In rendering the text to feminine form, intuitive conventions have dictated the grammatical and lexical amendments.  Male and female pronouns are interchanged.  Gender-charged nouns and adjectives (e.g. wife, son, fair, stripling) are substituted for suitable opposite gender analogues.  Proper names are generally feminized using the English conventions of feminine vowel suffixes, but when more drastic alterations are required, a name of comparable etymology is selected. When male–female pairs are clearly defined by the Book of Mormon or Biblical texts, they simply become substitutes for one another (e.g. Lehi and Sariah, Abraham and Sarah, Isaac and Rebekah, Jacob and Rachel, Moses and Zipporah, Adam and Eve, etc.)  Androgynous names such as Alma have been left unchanged.

Some will doubtless take great issue with this publication at large, denouncing it as a deliberate misrepresentation of scripture, and indicating that does not reflect authorized doctrine, teachings, or history.  These charges are valid on all counts.  Although the text from which it is derived is regarded as authentic scripture by the greater part of its readers, The Book of Morma in its feminized form makes no claim of inspiration, revelation, authority, historicity, accuracy, or veracity.  It should merely be received as a thoughtful re-framing of an influential religious text for the purpose of facilitating the extended contemplation of gender roles in the spheres of society, religion, spirituality, and theology.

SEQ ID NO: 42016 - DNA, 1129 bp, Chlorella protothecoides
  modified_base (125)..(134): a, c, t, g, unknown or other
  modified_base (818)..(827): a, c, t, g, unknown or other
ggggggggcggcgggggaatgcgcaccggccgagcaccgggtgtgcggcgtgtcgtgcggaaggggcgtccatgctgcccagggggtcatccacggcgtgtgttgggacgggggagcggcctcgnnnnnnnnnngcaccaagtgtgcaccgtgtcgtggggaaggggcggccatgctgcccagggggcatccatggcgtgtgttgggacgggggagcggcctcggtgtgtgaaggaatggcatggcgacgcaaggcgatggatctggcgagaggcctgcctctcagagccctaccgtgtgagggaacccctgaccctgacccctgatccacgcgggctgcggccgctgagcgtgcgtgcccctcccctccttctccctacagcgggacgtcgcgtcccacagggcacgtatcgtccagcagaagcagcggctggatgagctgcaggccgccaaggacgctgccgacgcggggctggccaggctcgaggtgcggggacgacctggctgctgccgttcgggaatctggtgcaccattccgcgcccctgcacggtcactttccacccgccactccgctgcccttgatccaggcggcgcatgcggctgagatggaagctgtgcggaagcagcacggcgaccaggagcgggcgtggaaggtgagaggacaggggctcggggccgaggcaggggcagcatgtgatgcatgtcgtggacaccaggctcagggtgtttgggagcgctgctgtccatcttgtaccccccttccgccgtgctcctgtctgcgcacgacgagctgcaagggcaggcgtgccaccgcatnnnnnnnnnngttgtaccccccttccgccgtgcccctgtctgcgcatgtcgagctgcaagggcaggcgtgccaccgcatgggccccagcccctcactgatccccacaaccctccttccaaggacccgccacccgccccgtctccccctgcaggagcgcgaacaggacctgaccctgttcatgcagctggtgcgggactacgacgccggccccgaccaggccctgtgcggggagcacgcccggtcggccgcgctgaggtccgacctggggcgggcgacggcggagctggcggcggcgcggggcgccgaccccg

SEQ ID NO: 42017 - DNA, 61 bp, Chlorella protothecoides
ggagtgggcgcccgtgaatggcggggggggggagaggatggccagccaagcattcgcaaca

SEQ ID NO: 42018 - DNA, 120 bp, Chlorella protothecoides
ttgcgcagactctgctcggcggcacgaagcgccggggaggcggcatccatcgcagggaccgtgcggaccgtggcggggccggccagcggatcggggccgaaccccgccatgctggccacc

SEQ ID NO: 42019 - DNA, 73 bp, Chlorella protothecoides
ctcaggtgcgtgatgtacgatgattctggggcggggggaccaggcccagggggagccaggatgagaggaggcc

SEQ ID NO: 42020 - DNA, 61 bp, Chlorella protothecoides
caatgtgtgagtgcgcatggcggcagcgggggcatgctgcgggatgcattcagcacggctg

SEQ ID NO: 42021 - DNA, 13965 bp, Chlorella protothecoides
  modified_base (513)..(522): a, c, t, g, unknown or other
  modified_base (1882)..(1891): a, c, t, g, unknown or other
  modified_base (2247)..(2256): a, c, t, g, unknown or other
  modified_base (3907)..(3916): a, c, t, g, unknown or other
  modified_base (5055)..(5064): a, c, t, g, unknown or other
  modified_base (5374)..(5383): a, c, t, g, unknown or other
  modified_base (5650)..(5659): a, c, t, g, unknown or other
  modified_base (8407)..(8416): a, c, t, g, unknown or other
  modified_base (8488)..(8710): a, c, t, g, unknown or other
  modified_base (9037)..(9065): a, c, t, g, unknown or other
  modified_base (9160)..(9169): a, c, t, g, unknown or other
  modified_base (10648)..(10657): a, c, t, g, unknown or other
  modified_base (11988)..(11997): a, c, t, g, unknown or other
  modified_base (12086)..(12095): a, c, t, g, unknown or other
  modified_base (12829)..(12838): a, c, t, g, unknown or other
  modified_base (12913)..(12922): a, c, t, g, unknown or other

Male readers are invited to introspectively observe the effects of the erasure of Heavenly Father from religious discourse, to perceive the thoughts of appealing to a female Redemptress for salvation, and to recognize the humility involved in submitting to prophetesses, priestesses, and judgesses for spiritual instruction.  Female readers are encouraged to see the empowering effects of matriarchy, the compassion, tenderness, and sometimes sternness of a female Deity, and to imagine a world in which prophetesses are revered as the oracles of a benevolent Goddess.

It is my hope that this feminine reading of the Book of Mormon will be the means by which we can analyze more concretely the implications of the divine feminine, the process of unmediated female access to revelation and authority, and the place of these ideas within Mormonism.  I likewise hope that we may consider, in a more thorough manner, the significance of gender structures that have been with civilized society for all of recorded history, and experience vicariously, through the characters, stories, and statements found in this feminized text, the ramifications of women becoming prominent joint-heirs with Christ, and partakers of the divine nature.

Flora Walker 

  1. Pearson, Carol Lynn. “Could Feminism Have Saved the Nephites?” Sunstone,  vol. 19:1, no. 101 (March 1996): 39 
  2. Pearson, Carol Lynn. “Walk in the Pink Moccasins.” Sunstone,  no. 137 (May 2005): 21